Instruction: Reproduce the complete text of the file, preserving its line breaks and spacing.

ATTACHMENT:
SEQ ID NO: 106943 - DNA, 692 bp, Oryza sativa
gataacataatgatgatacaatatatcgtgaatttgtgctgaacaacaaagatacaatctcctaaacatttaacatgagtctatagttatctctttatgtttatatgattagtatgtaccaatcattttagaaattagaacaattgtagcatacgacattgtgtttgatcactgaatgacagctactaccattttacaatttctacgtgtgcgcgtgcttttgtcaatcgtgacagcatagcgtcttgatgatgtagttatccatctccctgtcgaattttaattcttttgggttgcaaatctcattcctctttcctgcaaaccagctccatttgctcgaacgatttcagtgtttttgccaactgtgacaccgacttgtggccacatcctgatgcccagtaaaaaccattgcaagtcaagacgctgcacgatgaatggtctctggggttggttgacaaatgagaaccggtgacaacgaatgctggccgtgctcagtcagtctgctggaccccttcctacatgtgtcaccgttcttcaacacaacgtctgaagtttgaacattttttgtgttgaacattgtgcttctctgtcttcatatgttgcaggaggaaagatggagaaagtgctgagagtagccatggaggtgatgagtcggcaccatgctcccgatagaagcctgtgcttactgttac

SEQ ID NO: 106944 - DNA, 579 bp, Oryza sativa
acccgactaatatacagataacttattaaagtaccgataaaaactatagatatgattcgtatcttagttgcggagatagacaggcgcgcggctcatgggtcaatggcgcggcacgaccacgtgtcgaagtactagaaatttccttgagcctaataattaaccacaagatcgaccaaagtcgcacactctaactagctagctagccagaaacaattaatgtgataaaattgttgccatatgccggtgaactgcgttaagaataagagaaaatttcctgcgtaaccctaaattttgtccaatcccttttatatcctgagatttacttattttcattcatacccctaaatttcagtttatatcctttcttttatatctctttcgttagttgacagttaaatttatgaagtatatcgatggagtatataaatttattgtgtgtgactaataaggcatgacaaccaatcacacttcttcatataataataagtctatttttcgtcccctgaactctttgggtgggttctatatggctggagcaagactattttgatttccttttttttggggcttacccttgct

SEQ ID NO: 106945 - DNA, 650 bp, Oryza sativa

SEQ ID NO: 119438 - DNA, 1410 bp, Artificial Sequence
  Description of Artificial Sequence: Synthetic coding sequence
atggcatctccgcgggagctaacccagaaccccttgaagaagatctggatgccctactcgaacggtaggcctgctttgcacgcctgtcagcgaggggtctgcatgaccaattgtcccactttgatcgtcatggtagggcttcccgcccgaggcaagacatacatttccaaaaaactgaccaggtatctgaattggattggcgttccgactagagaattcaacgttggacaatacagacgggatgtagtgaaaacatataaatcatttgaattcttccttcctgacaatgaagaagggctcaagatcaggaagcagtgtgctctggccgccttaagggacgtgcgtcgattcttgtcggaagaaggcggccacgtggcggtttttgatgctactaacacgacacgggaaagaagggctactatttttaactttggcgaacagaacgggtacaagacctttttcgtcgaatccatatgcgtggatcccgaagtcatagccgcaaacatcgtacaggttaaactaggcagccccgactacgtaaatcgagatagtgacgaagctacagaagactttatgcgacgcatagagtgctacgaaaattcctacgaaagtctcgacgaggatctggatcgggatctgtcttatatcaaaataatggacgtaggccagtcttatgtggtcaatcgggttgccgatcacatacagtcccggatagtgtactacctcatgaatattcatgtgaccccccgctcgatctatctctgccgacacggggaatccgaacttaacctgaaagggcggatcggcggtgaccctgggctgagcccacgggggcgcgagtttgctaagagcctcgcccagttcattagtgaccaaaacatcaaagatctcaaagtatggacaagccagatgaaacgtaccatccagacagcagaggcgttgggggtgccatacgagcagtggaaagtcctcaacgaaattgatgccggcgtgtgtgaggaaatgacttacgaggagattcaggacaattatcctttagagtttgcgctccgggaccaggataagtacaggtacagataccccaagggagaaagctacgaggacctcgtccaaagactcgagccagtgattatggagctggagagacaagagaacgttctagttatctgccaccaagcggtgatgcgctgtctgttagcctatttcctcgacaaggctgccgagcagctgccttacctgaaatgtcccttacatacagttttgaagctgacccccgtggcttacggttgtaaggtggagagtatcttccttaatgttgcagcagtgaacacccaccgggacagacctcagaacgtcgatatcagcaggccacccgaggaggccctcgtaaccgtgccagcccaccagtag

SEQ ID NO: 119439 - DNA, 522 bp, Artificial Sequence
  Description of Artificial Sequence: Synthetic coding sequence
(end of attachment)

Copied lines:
SEQ ID NO: 106943 - DNA, 692 bp, Oryza sativa
gataacataatgatgatacaatatatcgtgaatttgtgctgaacaacaaagatacaatctcctaaacatttaacatgagtctatagttatctctttatgtttatatgattagtatgtaccaatcattttagaaattagaacaattgtagcatacgacattgtgtttgatcactgaatgacagctactaccattttacaatttctacgtgtgcgcgtgcttttgtcaatcgtgacagcatagcgtcttgatgatgtagttatccatctccctgtcgaattttaattcttttgggttgcaaatctcattcctctttcctgcaaaccagctccatttgctcgaacgatttcagtgtttttgccaactgtgacaccgacttgtggccacatcctgatgcccagtaaaaaccattgcaagtcaagacgctgcacgatgaatggtctctggggttggttgacaaatgagaaccggtgacaacgaatgctggccgtgctcagtcagtctgctggaccccttcctacatgtgtcaccgttcttcaacacaacgtctgaagtttgaacattttttgtgttgaacattgtgcttctctgtcttcatatgttgcaggaggaaagatggagaaagtgctgagagtagccatggaggtgatgagtcggcaccatgctcccgatagaagcctgtgcttactgttac

SEQ ID NO: 106944 - DNA, 579 bp, Oryza sativa
acccgactaatatacagataacttattaaagtaccgataaaaactatagatatgattcgtatcttagttgcggagatagacaggcgcgcggctcatgggtcaatggcgcggcacgaccacgtgtcgaagtactagaaatttccttgagcctaataattaaccacaagatcgaccaaagtcgcacactctaactagctagctagccagaaacaattaatgtgataaaattgttgccatatgccggtgaactgcgttaagaataagagaaaatttcctgcgtaaccctaaattttgtccaatcccttttatatcctgagatttacttattttcattcatacccctaaatttcagtttatatcctttcttttatatctctttcgttagttgacagttaaatttatgaagtatatcgatggagtatataaatttattgtgtgtgactaataaggcatgacaaccaatcacacttcttcatataataataagtctatttttcgtcccctgaactctttgggtgggttctatatggctggagcaagactattttgatttccttttttttggggcttacccttgct

SEQ ID NO: 106945 - DNA, 650 bp, Oryza sativa

SEQ ID NO: 119438 - DNA, 1410 bp, Artificial Sequence
  Description of Artificial Sequence: Synthetic coding sequence
atggcatctccgcgggagctaacccagaaccccttgaagaagatctggatgccctactcgaacggtaggcctgctttgcacgcctgtcagcgaggggtctgcatgaccaattgtcccactttgatcgtcatggtagggcttcccgcccgaggcaagacatacatttccaaaaaactgaccaggtatctgaattggattggcgttccgactagagaattcaacgttggacaatacagacgggatgtagtgaaaacatataaatcatttgaattcttccttcctgacaatgaagaagggctcaagatcaggaagcagtgtgctctggccgccttaagggacgtgcgtcgattcttgtcggaagaaggcggccacgtggcggtttttgatgctactaacacgacacgggaaagaagggctactatttttaactttggcgaacagaacgggtacaagacctttttcgtcgaatccatatgcgtggatcccgaagtcatagccgcaaacatcgtacaggttaaactaggcagccccgactacgtaaatcgagatagtgacgaagctacagaagactttatgcgacgcatagagtgctacgaaaattcctacgaaagtctcgacgaggatctggatcgggatctgtcttatatcaaaataatggacgtaggccagtcttatgtggtcaatcgggttgccgatcacatacagtcccggatagtgtactacctcatgaatattcatgtgaccccccgctcgatctatctctgccgacacggggaatccgaacttaacctgaaagggcggatcggcggtgaccctgggctgagcccacgggggcgcgagtttgctaagagcctcgcccagttcattagtgaccaaaacatcaaagatctcaaagtatggacaagccagatgaaacgtaccatccagacagcagaggcgttgggggtgccatacgagcagtggaaagtcctcaacgaaattgatgccggcgtgtgtgaggaaatgacttacgaggagattcaggacaattatcctttagagtttgcgctccgggaccaggataagtacaggtacagataccccaagggagaaagctacgaggacctcgtccaaagactcgagccagtgattatggagctggagagacaagagaacgttctagttatctgccaccaagcggtgatgcgctgtctgttagcctatttcctcgacaaggctgccgagcagctgccttacctgaaatgtcccttacatacagttttgaagctgacccccgtggcttacggttgtaaggtggagagtatcttccttaatgttgcagcagtgaacacccaccgggacagacctcagaacgtcgatatcagcaggccacccgaggaggccctcgtaaccgtgccagcccaccagtag

SEQ ID NO: 119439 - DNA, 522 bp, Artificial Sequence
  Description of Artificial Sequence: Synthetic coding sequence